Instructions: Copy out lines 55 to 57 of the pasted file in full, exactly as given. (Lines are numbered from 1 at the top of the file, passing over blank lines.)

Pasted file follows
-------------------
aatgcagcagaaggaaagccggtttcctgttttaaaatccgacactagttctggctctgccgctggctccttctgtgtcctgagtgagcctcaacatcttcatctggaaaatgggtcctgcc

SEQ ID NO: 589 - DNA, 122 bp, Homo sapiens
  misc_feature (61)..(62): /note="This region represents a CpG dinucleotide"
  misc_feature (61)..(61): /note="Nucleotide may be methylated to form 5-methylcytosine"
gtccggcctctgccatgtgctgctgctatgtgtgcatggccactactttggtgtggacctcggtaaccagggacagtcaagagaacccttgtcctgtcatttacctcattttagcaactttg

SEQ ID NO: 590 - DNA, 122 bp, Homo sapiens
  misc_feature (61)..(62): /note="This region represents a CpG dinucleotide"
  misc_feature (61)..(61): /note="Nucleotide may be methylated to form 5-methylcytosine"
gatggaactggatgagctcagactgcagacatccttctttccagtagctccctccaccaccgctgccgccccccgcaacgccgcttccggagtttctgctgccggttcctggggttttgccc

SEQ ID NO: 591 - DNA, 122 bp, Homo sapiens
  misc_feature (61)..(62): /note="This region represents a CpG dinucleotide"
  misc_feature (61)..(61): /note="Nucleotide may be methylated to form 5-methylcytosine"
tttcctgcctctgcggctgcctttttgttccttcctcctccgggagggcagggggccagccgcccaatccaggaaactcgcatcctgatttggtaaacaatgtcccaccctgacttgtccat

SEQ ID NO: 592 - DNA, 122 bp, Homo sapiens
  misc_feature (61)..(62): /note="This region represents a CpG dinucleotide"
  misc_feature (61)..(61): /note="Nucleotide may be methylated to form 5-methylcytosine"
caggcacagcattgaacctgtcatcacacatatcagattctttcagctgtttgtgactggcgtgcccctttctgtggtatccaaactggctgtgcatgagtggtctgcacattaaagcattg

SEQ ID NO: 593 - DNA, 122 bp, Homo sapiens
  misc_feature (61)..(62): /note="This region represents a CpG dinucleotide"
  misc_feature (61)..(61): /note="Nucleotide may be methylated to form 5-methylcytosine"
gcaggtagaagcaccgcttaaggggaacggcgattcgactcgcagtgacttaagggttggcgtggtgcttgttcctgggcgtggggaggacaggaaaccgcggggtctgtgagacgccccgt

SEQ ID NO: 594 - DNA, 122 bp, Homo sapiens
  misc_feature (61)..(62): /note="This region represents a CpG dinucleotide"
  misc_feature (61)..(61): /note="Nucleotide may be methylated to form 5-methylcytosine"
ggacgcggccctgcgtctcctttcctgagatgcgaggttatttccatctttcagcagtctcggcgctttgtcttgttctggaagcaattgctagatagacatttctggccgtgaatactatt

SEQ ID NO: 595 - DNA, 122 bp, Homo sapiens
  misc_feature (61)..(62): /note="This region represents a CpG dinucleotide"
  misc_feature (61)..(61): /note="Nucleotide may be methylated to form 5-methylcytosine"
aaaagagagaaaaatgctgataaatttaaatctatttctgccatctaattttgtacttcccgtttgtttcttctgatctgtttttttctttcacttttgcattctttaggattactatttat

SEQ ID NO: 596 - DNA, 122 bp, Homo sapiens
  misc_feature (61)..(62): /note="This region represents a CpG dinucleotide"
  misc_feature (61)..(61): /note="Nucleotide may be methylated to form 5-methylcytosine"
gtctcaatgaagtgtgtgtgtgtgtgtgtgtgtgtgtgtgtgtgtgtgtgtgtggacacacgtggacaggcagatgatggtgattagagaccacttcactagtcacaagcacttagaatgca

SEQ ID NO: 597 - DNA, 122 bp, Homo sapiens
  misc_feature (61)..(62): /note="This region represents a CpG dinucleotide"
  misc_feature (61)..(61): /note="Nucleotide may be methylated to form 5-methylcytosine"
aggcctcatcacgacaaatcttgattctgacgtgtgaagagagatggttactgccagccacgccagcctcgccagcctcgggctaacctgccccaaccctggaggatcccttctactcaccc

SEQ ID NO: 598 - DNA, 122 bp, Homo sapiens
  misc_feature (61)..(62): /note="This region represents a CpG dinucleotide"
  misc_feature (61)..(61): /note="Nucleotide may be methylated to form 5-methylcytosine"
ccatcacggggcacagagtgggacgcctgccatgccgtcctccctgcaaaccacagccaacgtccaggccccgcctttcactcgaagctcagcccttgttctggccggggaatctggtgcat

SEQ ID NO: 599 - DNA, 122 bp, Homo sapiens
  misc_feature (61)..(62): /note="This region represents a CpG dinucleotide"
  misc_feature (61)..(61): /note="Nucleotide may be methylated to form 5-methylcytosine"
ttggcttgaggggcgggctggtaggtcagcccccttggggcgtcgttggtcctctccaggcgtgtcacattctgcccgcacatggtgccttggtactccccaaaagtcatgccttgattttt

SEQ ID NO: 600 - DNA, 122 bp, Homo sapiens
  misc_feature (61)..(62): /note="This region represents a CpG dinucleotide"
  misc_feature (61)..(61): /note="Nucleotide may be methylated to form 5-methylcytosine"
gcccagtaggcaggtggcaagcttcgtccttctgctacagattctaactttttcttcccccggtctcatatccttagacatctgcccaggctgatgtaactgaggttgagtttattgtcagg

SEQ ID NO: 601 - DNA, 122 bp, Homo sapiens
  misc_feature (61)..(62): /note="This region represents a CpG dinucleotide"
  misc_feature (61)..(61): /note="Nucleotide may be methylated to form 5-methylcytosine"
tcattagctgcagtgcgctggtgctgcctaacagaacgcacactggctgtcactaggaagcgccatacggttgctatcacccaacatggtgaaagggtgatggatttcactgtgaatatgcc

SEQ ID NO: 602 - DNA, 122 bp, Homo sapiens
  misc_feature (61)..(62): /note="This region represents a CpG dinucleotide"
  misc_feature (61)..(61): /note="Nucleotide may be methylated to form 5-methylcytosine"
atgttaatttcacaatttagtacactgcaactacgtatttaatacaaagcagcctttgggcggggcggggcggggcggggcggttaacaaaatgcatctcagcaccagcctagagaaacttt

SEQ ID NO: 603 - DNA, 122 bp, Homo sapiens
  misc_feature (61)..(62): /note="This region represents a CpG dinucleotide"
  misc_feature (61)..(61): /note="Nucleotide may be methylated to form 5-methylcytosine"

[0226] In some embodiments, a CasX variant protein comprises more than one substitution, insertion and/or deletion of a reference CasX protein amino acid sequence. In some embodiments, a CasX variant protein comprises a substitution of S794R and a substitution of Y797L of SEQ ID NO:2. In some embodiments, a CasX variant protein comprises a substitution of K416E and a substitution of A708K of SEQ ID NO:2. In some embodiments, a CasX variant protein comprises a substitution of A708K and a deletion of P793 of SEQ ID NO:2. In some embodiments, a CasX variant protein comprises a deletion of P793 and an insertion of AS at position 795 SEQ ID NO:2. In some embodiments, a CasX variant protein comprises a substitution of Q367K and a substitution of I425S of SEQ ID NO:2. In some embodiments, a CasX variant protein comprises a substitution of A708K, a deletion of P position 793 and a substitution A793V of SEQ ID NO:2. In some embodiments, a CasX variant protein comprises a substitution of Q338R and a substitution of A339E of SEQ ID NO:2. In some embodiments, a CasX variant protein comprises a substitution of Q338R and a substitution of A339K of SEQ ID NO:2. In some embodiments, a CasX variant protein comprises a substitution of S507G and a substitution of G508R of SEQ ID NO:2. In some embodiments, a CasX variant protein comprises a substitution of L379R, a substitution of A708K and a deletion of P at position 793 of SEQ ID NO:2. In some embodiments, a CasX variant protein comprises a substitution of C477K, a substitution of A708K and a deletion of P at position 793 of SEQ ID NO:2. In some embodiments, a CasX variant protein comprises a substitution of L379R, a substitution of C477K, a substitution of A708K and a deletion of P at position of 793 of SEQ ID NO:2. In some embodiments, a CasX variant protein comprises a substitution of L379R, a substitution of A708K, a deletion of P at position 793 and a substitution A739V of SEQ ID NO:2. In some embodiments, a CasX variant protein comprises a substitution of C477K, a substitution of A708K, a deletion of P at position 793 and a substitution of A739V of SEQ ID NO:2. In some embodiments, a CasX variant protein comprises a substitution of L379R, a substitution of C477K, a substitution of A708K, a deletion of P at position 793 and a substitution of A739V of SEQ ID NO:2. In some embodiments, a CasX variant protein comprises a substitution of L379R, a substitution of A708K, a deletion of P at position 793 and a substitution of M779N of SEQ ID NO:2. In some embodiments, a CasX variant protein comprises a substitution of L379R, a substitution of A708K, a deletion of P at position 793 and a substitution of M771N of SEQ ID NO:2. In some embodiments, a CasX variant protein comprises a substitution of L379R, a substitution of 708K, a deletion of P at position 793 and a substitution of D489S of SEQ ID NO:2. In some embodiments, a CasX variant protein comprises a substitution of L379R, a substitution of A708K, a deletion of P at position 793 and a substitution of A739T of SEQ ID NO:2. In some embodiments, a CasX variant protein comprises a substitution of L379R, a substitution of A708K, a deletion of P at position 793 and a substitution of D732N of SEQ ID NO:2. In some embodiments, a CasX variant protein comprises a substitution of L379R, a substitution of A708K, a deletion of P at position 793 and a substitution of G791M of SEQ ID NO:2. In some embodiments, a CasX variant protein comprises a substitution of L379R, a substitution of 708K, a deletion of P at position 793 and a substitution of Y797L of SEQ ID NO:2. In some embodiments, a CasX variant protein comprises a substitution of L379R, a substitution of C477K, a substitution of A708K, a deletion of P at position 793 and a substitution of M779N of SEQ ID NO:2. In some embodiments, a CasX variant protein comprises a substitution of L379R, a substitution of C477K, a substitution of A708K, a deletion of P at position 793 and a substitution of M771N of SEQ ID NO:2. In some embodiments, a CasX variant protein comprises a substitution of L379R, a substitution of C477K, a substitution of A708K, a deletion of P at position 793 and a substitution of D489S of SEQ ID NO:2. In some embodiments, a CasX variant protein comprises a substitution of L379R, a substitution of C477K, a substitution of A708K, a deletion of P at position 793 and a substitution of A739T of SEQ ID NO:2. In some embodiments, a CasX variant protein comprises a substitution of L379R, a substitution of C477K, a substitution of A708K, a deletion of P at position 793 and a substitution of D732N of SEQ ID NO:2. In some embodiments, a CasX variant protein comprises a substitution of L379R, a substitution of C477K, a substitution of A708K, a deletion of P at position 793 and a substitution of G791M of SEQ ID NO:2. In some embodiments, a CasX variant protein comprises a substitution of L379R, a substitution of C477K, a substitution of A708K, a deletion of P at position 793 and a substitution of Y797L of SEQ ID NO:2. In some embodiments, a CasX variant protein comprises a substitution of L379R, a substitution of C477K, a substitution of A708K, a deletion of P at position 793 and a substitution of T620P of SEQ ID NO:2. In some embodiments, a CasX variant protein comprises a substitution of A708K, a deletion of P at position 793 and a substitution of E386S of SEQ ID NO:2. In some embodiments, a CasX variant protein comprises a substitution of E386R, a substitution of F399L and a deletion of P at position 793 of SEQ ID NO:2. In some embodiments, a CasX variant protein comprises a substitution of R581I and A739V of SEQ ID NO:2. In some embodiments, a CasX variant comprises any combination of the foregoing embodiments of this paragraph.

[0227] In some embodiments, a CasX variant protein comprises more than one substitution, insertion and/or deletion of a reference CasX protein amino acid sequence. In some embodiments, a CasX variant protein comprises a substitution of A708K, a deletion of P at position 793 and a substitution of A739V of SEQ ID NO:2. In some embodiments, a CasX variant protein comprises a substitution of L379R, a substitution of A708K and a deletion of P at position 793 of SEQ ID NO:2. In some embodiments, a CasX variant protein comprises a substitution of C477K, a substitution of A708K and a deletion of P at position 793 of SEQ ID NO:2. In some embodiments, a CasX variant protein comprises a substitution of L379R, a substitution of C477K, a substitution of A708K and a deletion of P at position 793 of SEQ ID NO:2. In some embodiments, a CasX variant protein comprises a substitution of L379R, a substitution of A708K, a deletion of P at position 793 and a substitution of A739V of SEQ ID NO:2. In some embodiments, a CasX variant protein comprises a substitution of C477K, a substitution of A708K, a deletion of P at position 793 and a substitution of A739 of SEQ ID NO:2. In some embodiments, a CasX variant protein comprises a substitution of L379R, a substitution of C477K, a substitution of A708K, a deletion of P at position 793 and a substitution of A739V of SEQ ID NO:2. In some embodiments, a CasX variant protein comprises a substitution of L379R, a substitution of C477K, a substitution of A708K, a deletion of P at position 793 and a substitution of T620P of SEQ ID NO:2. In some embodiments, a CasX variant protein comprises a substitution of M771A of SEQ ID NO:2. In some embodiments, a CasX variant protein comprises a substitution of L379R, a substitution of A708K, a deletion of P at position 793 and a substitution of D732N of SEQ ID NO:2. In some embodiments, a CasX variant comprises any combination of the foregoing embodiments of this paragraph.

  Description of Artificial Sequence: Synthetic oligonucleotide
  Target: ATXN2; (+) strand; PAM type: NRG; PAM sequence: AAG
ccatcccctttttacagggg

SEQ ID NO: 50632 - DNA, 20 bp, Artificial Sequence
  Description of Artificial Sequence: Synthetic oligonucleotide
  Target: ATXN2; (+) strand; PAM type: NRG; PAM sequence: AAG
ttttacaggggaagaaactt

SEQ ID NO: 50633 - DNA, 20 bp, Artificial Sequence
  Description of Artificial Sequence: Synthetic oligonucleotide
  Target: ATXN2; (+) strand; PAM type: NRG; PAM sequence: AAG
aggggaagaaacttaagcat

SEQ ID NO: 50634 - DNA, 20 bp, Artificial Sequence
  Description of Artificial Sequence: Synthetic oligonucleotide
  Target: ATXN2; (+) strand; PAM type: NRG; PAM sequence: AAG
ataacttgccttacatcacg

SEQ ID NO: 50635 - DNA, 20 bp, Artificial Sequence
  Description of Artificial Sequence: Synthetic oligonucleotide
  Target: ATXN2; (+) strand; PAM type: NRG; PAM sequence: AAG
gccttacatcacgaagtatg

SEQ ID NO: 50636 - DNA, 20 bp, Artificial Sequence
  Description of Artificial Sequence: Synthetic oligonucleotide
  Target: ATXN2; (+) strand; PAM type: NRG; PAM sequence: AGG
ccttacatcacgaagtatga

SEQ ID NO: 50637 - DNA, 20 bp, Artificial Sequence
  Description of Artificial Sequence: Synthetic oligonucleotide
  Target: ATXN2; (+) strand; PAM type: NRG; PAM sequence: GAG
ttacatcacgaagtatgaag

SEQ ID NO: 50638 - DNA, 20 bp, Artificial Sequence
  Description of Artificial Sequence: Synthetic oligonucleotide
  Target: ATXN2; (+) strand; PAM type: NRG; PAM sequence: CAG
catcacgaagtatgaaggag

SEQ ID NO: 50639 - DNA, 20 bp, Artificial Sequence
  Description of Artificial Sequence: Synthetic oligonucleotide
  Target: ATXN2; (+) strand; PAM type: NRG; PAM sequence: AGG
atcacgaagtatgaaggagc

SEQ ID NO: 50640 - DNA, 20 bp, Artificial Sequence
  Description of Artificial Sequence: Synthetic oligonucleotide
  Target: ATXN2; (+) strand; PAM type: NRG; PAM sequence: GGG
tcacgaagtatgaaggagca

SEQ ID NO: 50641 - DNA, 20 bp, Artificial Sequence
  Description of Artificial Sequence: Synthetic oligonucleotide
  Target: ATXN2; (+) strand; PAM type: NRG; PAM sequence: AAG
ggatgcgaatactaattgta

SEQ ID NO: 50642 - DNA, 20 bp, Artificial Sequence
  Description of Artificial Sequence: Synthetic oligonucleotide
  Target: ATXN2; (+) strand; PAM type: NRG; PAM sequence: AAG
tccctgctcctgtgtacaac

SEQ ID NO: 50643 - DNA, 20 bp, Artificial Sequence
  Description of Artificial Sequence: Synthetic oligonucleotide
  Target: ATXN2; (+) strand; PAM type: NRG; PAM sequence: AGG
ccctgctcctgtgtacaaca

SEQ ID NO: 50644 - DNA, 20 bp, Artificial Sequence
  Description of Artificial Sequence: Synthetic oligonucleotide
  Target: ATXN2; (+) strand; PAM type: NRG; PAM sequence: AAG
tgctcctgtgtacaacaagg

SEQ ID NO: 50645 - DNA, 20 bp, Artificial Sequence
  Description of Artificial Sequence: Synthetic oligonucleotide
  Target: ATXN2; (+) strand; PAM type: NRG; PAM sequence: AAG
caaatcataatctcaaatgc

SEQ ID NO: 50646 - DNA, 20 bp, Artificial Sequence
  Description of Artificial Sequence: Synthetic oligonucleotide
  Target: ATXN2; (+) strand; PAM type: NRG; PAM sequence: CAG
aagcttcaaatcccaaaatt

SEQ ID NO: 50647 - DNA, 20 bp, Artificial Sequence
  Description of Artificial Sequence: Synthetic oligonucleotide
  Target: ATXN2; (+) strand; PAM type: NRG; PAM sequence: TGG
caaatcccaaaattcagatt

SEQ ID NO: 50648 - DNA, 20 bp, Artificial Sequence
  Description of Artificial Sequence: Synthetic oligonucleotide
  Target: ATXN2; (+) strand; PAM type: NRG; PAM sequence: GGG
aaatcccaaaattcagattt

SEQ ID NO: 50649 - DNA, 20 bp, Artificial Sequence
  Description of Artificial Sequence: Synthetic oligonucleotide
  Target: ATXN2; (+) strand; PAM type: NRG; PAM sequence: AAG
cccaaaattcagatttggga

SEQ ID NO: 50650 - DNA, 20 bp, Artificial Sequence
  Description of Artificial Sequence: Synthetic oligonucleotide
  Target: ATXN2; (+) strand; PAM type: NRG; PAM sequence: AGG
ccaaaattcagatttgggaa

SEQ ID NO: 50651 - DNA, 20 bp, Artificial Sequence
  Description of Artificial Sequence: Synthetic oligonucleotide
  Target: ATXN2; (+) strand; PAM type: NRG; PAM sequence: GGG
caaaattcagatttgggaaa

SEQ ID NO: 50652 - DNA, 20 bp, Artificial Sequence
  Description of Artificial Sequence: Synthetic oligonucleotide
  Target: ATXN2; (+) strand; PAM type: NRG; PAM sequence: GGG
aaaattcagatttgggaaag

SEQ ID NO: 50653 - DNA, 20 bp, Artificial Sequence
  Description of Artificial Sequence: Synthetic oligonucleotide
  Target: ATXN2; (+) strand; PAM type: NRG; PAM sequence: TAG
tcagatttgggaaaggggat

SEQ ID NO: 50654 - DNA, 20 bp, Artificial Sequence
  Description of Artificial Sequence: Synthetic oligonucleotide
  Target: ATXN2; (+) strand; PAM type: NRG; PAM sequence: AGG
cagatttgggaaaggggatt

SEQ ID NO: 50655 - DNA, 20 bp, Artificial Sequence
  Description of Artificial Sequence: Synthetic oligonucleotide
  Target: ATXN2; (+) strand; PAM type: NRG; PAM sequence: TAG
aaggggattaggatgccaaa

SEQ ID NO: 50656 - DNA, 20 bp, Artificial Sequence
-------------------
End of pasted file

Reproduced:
  misc_feature (61)..(62): /note="This region represents a CpG dinucleotide"
  misc_feature (61)..(61): /note="Nucleotide may be methylated to form 5-methylcytosine"
atgttaatttcacaatttagtacactgcaactacgtatttaatacaaagcagcctttgggcggggcggggcggggcggggcggttaacaaaatgcatctcagcaccagcctagagaaacttt